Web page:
What started you couponing? Were you, like Cindy, trying to get your family out of a hole of debt? Were you trying to avoid falling into the hole in the first place? Do you enjoy the puzzle of deal stacking and Catalina offers? Or, do you just consider yourself frugal?
It doesn’t matter what got you here, in our hearts, all long-term couponers share a simple philosophy about money and lifestyle that we often find hard to explain. In fact, this core element of couponing actually leads many people away from the practice before it ever really begins to take effect.
What Is Delayed Gratification?
Delayed gratification is at the heart of living frugally and understanding the benefit of saving and budgeting. This psychological concept first came to light in the 1970s through a series of experiments involving children. Psychologist Walter Mischel found that children who were willing to wait for larger rewards (in this case, two cookies instead of one) were more likely to achieve other successes in life, including graduating from college, scoring higher on the SATs, and earning larger incomes.
More than simple self-control or willpower, delayed gratification is an understanding that immediate rewards are not as satisfying – and often more detrimental – than those which are earned over time. Yet, in a world full of 24-hour news cycles and instant access to everything from books to new-release movies, many people, especially young people, have come to expect instant gratification instead.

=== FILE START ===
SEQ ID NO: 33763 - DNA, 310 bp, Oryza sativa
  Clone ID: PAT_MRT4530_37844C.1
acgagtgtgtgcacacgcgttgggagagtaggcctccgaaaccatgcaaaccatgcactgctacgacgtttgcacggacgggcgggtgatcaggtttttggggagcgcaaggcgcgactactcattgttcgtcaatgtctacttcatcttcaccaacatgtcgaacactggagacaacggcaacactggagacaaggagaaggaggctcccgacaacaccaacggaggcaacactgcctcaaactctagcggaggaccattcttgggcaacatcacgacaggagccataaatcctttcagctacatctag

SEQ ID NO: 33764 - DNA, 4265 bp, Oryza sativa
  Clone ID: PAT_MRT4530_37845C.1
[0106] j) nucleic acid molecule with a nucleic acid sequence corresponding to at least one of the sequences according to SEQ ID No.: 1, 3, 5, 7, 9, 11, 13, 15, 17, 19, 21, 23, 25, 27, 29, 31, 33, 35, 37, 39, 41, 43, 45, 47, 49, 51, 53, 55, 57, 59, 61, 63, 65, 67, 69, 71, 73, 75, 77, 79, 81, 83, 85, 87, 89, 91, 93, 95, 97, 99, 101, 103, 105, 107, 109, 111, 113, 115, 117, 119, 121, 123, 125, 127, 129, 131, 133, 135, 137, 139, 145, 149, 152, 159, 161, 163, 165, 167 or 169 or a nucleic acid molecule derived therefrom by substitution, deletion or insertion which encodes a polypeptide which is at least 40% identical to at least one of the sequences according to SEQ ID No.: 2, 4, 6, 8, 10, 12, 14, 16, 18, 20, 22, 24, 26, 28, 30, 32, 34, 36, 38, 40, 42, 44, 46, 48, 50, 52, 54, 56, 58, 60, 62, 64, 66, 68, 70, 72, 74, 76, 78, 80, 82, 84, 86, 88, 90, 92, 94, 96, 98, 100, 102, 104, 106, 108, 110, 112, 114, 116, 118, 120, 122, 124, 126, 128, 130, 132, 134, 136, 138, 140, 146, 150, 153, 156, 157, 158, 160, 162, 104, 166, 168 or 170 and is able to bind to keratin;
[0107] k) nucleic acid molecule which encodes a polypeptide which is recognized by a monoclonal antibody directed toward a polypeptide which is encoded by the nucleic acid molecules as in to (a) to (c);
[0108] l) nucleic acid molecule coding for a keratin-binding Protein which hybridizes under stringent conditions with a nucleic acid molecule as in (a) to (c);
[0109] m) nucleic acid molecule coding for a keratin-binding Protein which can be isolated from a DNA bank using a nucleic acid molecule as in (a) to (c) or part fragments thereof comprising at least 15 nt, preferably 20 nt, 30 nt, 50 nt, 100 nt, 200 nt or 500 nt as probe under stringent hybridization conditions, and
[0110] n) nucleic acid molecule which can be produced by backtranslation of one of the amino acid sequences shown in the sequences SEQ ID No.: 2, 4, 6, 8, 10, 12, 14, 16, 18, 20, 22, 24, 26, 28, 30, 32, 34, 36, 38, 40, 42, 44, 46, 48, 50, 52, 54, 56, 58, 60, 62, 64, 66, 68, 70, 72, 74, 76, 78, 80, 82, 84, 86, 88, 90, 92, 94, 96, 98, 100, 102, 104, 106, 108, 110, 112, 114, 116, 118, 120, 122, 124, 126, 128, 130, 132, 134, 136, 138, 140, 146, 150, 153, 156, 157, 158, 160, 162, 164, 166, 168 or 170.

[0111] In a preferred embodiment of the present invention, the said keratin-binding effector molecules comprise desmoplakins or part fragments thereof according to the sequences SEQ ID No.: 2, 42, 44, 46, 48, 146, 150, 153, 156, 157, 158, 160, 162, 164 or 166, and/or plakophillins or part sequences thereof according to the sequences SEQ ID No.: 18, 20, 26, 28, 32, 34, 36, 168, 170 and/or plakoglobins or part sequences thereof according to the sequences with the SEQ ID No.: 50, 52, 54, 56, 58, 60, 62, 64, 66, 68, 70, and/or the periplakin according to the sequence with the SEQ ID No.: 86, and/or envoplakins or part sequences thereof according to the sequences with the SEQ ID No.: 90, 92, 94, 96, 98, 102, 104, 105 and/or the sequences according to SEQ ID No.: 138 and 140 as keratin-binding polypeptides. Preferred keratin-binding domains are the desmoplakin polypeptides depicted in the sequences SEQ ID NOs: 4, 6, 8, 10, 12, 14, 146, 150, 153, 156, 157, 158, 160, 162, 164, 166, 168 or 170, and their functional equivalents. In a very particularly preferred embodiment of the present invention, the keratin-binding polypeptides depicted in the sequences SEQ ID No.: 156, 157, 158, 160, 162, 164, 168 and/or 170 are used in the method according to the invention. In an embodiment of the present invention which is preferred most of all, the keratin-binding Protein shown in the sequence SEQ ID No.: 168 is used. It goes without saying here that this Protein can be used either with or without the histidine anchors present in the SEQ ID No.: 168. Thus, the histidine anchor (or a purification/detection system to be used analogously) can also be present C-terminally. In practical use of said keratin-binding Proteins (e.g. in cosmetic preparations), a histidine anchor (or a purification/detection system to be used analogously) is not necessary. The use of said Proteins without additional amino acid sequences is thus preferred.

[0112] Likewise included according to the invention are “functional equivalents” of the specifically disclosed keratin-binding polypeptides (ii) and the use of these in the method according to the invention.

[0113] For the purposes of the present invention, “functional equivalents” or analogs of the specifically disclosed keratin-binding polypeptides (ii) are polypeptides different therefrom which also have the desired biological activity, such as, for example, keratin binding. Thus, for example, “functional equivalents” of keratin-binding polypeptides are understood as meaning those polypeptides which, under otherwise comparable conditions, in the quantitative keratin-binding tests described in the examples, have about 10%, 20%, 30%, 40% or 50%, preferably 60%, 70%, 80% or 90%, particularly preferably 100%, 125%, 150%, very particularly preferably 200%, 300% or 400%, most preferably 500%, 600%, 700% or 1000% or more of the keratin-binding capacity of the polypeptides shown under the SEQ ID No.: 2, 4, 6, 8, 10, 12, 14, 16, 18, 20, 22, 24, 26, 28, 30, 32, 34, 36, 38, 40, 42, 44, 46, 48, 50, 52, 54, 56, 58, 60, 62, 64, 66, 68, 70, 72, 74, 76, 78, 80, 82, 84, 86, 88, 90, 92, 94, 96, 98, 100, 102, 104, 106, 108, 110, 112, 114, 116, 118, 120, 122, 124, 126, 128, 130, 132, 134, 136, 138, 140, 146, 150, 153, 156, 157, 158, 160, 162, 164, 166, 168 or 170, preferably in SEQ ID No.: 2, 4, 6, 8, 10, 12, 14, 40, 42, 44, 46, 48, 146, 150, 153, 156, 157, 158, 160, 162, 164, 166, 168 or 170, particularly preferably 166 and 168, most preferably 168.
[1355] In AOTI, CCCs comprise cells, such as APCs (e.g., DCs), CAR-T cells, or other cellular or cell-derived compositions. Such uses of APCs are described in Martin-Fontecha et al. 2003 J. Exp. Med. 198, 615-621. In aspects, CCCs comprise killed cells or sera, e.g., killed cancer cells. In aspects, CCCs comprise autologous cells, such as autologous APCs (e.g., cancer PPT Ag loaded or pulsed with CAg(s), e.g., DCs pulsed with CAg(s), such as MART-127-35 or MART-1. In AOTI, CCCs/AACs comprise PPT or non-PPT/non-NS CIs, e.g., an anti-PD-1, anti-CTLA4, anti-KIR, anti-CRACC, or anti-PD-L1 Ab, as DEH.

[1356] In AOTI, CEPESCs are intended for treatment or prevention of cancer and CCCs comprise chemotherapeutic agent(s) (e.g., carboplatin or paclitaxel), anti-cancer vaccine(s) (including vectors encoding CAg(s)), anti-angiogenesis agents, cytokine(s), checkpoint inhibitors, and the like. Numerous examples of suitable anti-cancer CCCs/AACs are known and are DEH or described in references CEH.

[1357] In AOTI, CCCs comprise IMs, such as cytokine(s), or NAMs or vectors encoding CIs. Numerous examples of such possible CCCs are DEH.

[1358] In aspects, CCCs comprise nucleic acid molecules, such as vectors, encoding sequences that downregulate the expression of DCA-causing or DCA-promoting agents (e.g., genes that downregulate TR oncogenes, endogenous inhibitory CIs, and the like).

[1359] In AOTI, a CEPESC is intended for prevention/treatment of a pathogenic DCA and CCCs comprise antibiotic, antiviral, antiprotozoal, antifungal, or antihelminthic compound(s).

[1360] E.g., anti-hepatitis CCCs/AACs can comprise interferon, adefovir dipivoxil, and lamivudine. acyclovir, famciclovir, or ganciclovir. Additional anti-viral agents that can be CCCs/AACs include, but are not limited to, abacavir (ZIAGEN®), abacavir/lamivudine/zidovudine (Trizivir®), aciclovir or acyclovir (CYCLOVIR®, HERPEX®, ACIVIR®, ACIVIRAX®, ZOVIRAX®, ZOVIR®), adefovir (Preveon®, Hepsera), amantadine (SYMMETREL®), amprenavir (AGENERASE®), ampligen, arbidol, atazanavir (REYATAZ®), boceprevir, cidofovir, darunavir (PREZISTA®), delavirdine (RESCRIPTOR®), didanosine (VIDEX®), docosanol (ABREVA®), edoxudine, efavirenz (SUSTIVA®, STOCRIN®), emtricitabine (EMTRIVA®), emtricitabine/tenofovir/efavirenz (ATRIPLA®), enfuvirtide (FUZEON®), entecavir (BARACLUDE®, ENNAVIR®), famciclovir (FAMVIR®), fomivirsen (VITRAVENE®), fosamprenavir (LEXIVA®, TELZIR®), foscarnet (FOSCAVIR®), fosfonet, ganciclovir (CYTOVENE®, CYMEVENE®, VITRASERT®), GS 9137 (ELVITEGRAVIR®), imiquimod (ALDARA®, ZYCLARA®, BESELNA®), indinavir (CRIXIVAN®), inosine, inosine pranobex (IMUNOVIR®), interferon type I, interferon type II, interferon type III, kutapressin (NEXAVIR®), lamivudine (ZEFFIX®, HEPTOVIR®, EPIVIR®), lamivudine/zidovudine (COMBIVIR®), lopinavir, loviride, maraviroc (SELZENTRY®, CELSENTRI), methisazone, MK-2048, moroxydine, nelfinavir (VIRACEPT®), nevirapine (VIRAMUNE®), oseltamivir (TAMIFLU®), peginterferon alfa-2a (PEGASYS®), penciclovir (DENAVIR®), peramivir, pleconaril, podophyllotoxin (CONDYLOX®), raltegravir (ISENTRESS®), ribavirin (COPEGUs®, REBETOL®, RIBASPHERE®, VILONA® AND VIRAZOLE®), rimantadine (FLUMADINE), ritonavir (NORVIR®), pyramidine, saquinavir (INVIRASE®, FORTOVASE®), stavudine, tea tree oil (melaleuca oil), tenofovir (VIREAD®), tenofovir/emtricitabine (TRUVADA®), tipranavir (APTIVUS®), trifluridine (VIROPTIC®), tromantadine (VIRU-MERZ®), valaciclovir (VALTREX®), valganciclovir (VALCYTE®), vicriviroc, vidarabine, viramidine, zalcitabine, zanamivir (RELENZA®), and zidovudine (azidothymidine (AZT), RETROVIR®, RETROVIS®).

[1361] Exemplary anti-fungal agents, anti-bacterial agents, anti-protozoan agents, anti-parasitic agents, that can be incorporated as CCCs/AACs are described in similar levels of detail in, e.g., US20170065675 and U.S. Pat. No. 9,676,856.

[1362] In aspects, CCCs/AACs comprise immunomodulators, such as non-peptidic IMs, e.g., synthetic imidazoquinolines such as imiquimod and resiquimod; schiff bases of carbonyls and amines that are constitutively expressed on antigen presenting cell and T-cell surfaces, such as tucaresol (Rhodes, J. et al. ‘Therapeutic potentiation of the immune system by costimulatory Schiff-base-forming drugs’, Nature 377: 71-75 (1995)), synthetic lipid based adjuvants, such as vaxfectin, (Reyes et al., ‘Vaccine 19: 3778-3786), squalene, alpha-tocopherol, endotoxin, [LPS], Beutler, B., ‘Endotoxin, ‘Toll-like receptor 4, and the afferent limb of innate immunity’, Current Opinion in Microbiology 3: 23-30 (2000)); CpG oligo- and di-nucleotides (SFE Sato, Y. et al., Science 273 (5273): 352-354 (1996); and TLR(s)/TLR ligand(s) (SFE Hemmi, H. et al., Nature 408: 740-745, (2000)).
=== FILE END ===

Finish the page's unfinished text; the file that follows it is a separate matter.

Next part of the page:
Working Past Instant Gratification
Far more than a loss of work ethic, we live in a consumer-based society that focuses too much on “stuff” to properly promote delayed gratification. However, anyone who has successfully learned how to budget and spend understands that the luxury aspects of life are hard-earned – whether it is through pinching pennies in one area in order to broaden the budget in another or carefully saving for a large-ticket item. Years of careful money management and budgeting allow for financial freedom, but what most of us fail to see is not the work that lead up to the benefit, but the benefit itself.
Instead, we need to train ourselves to forgo the immediate benefit, whether it is a takeout salad instead of a careful meal plan or the purse we really want instead of the one a department store says is “on sale.” We do this through will power, yes, but even more importantly, it is a learned behavior that forces us to refocus energy on a bigger or different prize. Not surprisingly, in a follow up study to the original Mischel found that children told to wait to eat two marshmallows instead of one were more likely to delay their gratification when told to focus on a completely different satisfaction – in his case the salty, crunchy goodness of pretzels.
How Couponing Helps to Encourage Delayed Gratification
The essential philosophy behind couponing is planning to shop and eat according to what is on sale, not based on what’s easy or what you want. You can have what you want, when it’s on sale, or in smaller doses, but you cannot shop based on that alone.
In addition, most people find that the experience of couponing, particularly taking advantage of Catalina and rebate offers, is not so much about impacting the bottom line immediately, but watching savings, and your bank account, grow over time. Couponing is an investment and, perhaps more importantly, it is an act in delaying gratification.
No couponer is going to see a lasting change in just a few shopping trips. Sure, your totals will be lower, but how much is that extra $50 or $100 really going to matter unless you stick with it?